2. Money Market Funds (also known as liquid funds)
Offer better returns than savings account without compromising liquidity
Money market funds are a specialized form of mutual funds that invest in extremely short-term fixed income instruments. Unlike most mutual funds, money market funds are primarily oriented towards protecting your capital and then, aim to maximise returns.
Money market funds usually yield better returns than savings accounts, but lower than bank fixed deposits. With the flexibility to issue cheques from a money market fund account now available, explore this option before putting your money in a savings account.
Option to maximise returns within a fixed-income portfolio
FDs are instruments used by companies to borrow from small investors. Typically FDs are open throughout the year. Invest in FDs only if you have surplus funds for more than 12 months. Select your investment period carefully as most FDs are not encashable prior to their maturity.
Just as in any other instrument, risk is an embedded feature of FDs, more so because it is not mandatory for non-finance companies to get a credit rating for this instrument.
Investors should consciously (either though a credit rating or through an expert) select the companies they invest in. Quite a few small investors have lost their life's savings by investing in FDs issued by companies that have run into financial problems.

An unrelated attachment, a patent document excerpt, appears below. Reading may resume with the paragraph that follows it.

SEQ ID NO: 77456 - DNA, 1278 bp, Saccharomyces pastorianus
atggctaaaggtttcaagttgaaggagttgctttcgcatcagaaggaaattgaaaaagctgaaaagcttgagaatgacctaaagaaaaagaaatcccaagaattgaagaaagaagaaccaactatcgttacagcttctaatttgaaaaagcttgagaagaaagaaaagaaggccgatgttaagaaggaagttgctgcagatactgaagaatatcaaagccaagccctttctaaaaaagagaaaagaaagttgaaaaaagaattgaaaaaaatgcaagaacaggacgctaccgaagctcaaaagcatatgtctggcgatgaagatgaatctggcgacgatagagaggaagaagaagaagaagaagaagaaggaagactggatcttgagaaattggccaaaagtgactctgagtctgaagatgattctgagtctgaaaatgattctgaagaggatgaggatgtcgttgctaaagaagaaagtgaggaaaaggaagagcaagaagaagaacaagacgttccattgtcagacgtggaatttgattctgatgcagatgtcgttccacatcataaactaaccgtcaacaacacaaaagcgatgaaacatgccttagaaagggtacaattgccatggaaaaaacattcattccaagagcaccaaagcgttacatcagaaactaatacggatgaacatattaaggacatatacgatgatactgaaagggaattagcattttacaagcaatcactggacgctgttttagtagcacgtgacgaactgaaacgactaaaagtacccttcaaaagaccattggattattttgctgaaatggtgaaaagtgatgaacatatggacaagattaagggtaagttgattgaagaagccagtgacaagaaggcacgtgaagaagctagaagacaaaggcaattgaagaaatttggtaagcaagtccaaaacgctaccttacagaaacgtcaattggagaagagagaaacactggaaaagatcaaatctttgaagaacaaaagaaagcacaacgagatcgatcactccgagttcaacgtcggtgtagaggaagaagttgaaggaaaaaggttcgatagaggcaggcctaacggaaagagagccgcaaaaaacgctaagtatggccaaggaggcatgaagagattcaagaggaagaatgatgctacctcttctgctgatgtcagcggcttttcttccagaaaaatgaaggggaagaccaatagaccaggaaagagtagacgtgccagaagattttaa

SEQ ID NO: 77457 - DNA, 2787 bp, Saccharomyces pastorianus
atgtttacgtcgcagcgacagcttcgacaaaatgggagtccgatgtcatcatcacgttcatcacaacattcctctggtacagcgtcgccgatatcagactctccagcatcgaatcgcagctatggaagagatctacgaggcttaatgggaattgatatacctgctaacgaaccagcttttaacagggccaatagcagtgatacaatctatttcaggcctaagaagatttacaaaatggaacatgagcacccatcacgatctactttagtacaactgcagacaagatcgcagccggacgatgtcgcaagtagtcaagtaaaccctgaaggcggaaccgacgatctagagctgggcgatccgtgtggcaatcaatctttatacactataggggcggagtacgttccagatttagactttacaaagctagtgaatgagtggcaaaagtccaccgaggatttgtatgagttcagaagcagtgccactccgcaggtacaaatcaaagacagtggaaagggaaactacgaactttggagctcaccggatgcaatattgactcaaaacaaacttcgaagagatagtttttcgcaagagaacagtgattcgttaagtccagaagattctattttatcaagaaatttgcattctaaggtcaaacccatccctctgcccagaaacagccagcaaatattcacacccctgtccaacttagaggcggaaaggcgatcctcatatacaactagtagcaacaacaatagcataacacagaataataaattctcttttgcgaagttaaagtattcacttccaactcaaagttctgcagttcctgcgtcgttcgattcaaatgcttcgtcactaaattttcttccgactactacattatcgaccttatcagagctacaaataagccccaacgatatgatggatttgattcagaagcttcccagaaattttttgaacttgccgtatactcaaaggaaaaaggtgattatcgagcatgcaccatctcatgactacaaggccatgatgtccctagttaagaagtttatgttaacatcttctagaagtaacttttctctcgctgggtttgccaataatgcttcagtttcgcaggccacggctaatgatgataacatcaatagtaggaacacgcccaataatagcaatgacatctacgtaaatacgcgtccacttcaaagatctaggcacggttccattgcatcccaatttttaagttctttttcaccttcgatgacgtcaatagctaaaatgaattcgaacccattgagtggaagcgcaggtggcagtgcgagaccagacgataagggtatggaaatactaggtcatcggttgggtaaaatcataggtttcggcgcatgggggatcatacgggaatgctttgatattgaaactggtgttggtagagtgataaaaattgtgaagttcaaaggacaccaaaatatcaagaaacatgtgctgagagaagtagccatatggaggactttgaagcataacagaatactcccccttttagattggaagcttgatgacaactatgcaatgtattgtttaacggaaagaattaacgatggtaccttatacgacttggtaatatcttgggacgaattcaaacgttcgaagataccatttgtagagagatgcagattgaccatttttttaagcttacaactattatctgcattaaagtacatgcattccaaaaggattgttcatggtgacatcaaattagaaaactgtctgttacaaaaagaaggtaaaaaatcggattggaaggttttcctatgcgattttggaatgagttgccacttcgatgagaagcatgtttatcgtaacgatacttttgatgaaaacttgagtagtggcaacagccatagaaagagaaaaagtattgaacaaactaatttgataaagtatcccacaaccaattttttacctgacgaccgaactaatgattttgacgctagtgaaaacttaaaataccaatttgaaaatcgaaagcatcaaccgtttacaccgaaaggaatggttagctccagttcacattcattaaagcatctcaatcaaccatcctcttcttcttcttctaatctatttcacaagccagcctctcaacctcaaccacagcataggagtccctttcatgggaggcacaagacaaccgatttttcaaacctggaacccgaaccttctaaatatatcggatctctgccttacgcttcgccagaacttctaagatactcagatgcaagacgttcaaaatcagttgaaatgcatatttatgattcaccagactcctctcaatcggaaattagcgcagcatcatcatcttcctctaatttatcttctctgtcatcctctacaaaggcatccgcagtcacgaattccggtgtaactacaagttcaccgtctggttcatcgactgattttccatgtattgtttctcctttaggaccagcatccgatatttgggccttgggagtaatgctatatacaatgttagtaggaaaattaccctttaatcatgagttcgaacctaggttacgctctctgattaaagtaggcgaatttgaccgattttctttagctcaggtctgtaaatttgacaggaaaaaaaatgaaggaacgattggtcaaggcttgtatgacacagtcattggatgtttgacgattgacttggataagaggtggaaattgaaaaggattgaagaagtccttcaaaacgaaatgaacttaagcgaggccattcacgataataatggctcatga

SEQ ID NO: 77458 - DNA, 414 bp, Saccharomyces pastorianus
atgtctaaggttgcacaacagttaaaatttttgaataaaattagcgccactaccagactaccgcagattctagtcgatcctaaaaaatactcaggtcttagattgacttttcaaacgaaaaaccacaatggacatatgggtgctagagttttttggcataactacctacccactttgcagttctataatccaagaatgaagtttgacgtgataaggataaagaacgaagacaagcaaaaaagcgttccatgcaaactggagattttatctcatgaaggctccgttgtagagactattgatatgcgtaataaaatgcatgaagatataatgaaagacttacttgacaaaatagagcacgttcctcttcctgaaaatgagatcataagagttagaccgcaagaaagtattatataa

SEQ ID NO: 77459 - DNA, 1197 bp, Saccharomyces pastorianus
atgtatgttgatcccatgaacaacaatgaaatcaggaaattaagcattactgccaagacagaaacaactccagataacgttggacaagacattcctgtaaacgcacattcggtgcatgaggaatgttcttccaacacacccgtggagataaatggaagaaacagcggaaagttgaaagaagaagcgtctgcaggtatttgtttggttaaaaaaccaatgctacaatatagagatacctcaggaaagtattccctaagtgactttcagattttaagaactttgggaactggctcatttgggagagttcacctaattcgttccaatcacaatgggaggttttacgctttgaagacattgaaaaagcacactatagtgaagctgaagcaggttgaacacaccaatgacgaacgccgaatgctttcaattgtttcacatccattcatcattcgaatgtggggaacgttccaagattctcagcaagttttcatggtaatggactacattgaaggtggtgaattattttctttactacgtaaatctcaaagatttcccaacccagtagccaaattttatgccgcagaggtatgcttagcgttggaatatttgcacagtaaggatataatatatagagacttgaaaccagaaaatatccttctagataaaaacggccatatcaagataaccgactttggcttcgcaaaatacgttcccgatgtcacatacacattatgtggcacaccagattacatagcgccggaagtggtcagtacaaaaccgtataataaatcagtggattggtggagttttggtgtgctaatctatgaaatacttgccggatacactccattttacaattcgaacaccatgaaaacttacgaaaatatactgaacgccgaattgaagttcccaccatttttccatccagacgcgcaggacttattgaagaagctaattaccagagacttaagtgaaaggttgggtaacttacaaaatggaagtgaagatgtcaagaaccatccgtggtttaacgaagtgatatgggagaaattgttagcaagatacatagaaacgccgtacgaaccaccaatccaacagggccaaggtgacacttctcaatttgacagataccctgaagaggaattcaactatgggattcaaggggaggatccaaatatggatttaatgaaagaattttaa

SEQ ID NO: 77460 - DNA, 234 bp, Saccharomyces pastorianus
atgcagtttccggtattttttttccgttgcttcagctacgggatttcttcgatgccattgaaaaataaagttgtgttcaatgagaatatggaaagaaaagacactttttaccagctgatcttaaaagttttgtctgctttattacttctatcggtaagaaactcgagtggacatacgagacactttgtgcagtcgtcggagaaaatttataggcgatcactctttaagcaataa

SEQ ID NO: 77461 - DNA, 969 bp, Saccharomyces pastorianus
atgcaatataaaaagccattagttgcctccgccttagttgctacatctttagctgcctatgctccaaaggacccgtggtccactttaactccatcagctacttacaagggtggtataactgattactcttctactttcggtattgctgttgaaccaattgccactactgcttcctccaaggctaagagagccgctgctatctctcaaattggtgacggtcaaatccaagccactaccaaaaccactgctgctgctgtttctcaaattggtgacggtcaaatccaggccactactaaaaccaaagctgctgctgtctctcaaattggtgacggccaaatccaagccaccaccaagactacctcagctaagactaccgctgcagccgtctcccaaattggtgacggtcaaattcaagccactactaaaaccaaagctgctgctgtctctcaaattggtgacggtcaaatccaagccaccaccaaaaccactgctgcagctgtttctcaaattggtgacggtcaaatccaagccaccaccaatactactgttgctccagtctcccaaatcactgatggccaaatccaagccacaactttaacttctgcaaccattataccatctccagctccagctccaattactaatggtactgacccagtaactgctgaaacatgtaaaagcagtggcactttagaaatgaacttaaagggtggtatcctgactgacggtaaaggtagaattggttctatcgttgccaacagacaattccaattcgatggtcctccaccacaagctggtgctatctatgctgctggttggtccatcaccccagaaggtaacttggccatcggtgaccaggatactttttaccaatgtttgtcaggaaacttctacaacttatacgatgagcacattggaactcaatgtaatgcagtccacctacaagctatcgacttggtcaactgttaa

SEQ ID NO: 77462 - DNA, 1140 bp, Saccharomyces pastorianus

Option for large investments or to avail of some capital gains tax rebates
Besides company FDs, bonds and debentures are the other fixed-income instruments issued by companies. As a result of an illiquid secondary market and a lack-lustre primary market, investment in these instruments is largely skewed towards issues from financial institutions.
While you might find some high-yielding options in the secondary market, if you do not want the problems associated with bad deliveries and the transfer process or you want to invest a large sum of money, the primary market is the better option.
Have you ever made an investment in partnership with someone else? Well, mutual funds work on more or less the same principles. Investors pool together their money to buy stocks, bonds, or any other investments.
Investing through mutual funds allows an investor to -
1. Avail the services of a professional money manager (who manages the mutual fund) 2. Access a diversified portfolio despite making a limited investment
Our primer Investing in Mutual Funds should educate you a lot more on the benefits of investing in mutual funds and strategies you could employ.
Life insurance premiums, depending upon the policy selected, include the costs of -
1) death-benefit coverage
2) built-in investment returns (average 8.0% to 9.5% post-tax)
3) significant overheads, including commissions.
This implies that if you buy insurance solely as an investment, you are incurring costs that you would not incur in alternate investment options.
It is, however, important to insure your life if your financial needs and profile so require. Use our Are You Adequately Insured planning tool to find out if you need life insurance, and if yes, how much.